A forced reorientation
In a speech on Tuesday, the President of Russia, Vladimir Putin, assured that the “special military operation” launched at the end of February in Ukraine was going smoothly and that the “noble” objectives pursued by his country would be achieved. Moscow’s announcement of the eastward redeployment of troops that had been sent to the north of the country to try to take Kyiv in particular remains an admission of failure, notes Liam Collins, an American military analyst who has worked for a long time at West Point Academy. “The operation in the North has failed. Russia is trying to secure some form of victory, and Donbass seems to be its best opportunity in this regard,” he said.
A region already divided
After taking control of Crimea in 2014, the Kremlin underhandedly supported an uprising by separatist rebels in the Donbass that led to the creation of two “people’s republics” occupying almost a third of the administrative regions (oblasts) of Donetsk and Luhansk. A simmering conflict has persisted for years along a “line of control” arranged under peace agreements that have never been fully respected. A few days before the outbreak of war, Vladimir Putin announced that he recognized the independence of the two republics and mobilized his troops to “protect” them against the Ukrainian threat. The maneuver served as a theoretical justification for launching the invasion, which involved several axes going far beyond the Donbass.
A better strategy
The vice-rector for research at the Royal Military College Saint-Jean, Pierre Jolicoeur, points out that the Russian army made a serious mistake by multiplying the fronts at the start of the war while neglecting the “complex logistics” required to ensure supplying the troops. The repositioning in the Donbass of the forces that had been deployed in the north of the country and the establishment of a unified command should allow Russia to be “more effective”, notes the researcher, who expects that Moscow’s troops “continue to advance” in the region. The Ukrainian forces, which have weapons provided by several Western countries, have so far offered a “heroic” resistance, but part of these successes stemmed from the disorganization of the invaders, underlines Mr. Jolicoeur. Liam Collins notes that it was easier in the north of the country for Ukrainian soldiers to take advantage of their mobility to inflict damage on Russian troops traveling in armored vehicles on major roads. The Donbass, notes the ex-soldier, offers flatter, more open spaces, and fewer large agglomerations, which makes it a territory more difficult to defend against the Russian army, richer in armored vehicles and planes. Mr. Collins also expects Russian gains in the region, without wishing to assume the final result.
Reduced activities for the time being
The Institute for the Study of War notes, in an analysis published on Tuesday, that Russia is currently pursuing “limited” military operations in the Donbass while waiting for the planned troop reinforcements to materialize. The army has consequently made “limited gains while continuing to suffer significant losses”, notes the organization. Justin Massie, a specialist in security and defense issues attached to the University of Quebec in Montreal, notes that Russian leaders hope that the troops deployed in Mariupol and others further north, near Kharkiv and Izium, can converge and “clamp” the Ukrainian forces who are at the front in the Donbass. The fall of Mariupol, if it materializes, would mark an important step for Moscow, since it would free up troops to deploy this strategy, notes the researcher. He expects Russian forces to soon intensify artillery fire and airstrikes against Ukrainian positions in the area to facilitate their advance.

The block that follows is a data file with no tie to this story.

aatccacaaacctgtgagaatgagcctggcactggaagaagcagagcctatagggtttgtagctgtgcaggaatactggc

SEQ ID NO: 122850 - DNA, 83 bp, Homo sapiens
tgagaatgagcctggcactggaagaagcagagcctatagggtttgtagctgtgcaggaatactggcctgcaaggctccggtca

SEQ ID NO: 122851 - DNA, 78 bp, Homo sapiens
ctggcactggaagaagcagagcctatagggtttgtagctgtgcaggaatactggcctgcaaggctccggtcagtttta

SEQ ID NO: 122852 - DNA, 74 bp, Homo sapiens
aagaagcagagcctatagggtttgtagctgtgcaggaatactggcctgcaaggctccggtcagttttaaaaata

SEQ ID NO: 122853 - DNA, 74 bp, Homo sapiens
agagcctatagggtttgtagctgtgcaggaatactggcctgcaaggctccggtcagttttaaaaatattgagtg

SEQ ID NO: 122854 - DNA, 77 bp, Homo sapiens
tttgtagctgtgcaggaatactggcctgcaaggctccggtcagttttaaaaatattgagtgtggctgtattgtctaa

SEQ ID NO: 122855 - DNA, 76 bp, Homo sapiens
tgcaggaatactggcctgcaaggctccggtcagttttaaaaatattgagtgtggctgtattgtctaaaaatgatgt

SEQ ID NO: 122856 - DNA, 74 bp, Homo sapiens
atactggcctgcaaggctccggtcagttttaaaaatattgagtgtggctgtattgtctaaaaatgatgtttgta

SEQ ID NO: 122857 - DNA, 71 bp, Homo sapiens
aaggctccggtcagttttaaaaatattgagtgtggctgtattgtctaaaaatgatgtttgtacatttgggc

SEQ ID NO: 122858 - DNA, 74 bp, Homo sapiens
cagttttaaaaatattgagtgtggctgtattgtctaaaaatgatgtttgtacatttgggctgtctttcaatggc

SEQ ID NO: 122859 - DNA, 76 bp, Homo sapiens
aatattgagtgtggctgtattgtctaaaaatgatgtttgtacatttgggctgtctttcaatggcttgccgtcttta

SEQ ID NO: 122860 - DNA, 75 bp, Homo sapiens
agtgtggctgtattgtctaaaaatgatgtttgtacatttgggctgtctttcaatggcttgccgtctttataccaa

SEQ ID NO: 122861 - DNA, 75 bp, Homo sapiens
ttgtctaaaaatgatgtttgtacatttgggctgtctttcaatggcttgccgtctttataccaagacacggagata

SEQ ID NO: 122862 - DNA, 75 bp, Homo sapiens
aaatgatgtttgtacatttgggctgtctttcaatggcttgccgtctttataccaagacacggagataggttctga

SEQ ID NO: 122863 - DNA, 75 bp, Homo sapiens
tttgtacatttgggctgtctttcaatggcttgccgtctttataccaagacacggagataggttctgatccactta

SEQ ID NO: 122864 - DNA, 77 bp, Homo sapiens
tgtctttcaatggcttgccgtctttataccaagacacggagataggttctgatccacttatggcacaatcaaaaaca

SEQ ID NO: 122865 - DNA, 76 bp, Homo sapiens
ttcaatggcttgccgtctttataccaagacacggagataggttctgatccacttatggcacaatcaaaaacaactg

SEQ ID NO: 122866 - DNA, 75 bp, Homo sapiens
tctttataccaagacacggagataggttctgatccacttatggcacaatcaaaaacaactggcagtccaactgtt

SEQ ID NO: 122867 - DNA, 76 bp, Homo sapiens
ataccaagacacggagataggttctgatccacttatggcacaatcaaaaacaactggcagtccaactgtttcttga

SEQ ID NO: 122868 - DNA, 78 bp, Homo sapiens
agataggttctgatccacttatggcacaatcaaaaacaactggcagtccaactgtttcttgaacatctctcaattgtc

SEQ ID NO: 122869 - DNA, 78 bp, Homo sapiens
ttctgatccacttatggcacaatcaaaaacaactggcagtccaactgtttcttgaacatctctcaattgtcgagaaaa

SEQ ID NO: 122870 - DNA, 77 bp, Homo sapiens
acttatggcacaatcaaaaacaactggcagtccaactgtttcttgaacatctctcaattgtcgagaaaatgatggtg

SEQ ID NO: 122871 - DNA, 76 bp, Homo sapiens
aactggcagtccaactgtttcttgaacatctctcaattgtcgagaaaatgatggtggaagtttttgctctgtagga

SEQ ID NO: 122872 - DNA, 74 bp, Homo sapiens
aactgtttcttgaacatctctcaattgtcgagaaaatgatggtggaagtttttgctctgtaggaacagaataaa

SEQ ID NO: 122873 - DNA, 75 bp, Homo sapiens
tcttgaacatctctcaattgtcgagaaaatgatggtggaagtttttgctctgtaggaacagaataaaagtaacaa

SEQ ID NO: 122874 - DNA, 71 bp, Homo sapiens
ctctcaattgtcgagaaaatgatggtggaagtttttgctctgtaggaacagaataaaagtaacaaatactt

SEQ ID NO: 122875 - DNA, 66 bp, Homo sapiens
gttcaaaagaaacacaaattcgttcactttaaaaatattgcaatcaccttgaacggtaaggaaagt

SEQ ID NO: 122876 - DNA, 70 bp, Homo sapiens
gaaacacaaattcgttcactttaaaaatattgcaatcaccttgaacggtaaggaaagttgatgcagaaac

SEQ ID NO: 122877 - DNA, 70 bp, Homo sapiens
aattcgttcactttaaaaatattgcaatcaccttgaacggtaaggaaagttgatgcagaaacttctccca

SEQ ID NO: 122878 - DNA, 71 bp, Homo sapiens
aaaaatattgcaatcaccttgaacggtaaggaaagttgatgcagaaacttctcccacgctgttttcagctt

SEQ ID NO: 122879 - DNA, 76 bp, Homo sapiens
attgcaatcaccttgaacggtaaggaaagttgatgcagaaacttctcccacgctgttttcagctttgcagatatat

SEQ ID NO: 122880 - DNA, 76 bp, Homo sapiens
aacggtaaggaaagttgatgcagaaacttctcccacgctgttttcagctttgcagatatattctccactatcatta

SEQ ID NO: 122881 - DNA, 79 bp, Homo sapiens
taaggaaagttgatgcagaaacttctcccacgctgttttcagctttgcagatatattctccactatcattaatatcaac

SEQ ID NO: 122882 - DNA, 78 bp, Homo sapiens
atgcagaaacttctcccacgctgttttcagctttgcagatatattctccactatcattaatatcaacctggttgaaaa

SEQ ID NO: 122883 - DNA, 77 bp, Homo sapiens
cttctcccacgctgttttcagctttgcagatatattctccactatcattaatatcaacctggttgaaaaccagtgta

What will happen if Donbass is taken by Russia?
Justin Massie thinks that Russia’s attitude will depend on the cost inherent in taking Donbass. If the offensive succeeds, but the human and material losses turn out to be extremely heavy, Moscow could be willing to negotiate a ceasefire. Otherwise, Vladimir Putin will be tempted to take advantage of his momentum to intensify his action elsewhere in the country, for example by trying to take Odessa, notes the researcher, who expects Ukraine to be “partitioned” from de facto for a long time. Eugene Rumer of the Carnegie Endowment for International Peace thinks the Russian leader will certainly continue the offensive elsewhere in Ukraine if he gains control of all of Donbass. He does not rule out, in the longer term, the possibility of a new offensive against the capital, Kyiv. “It will depend on the resources at his disposal. However, I do not think that they are in the process of being exhausted. The regime has daily inflows of nearly $1 billion from the sale of gas and oil,” he warns.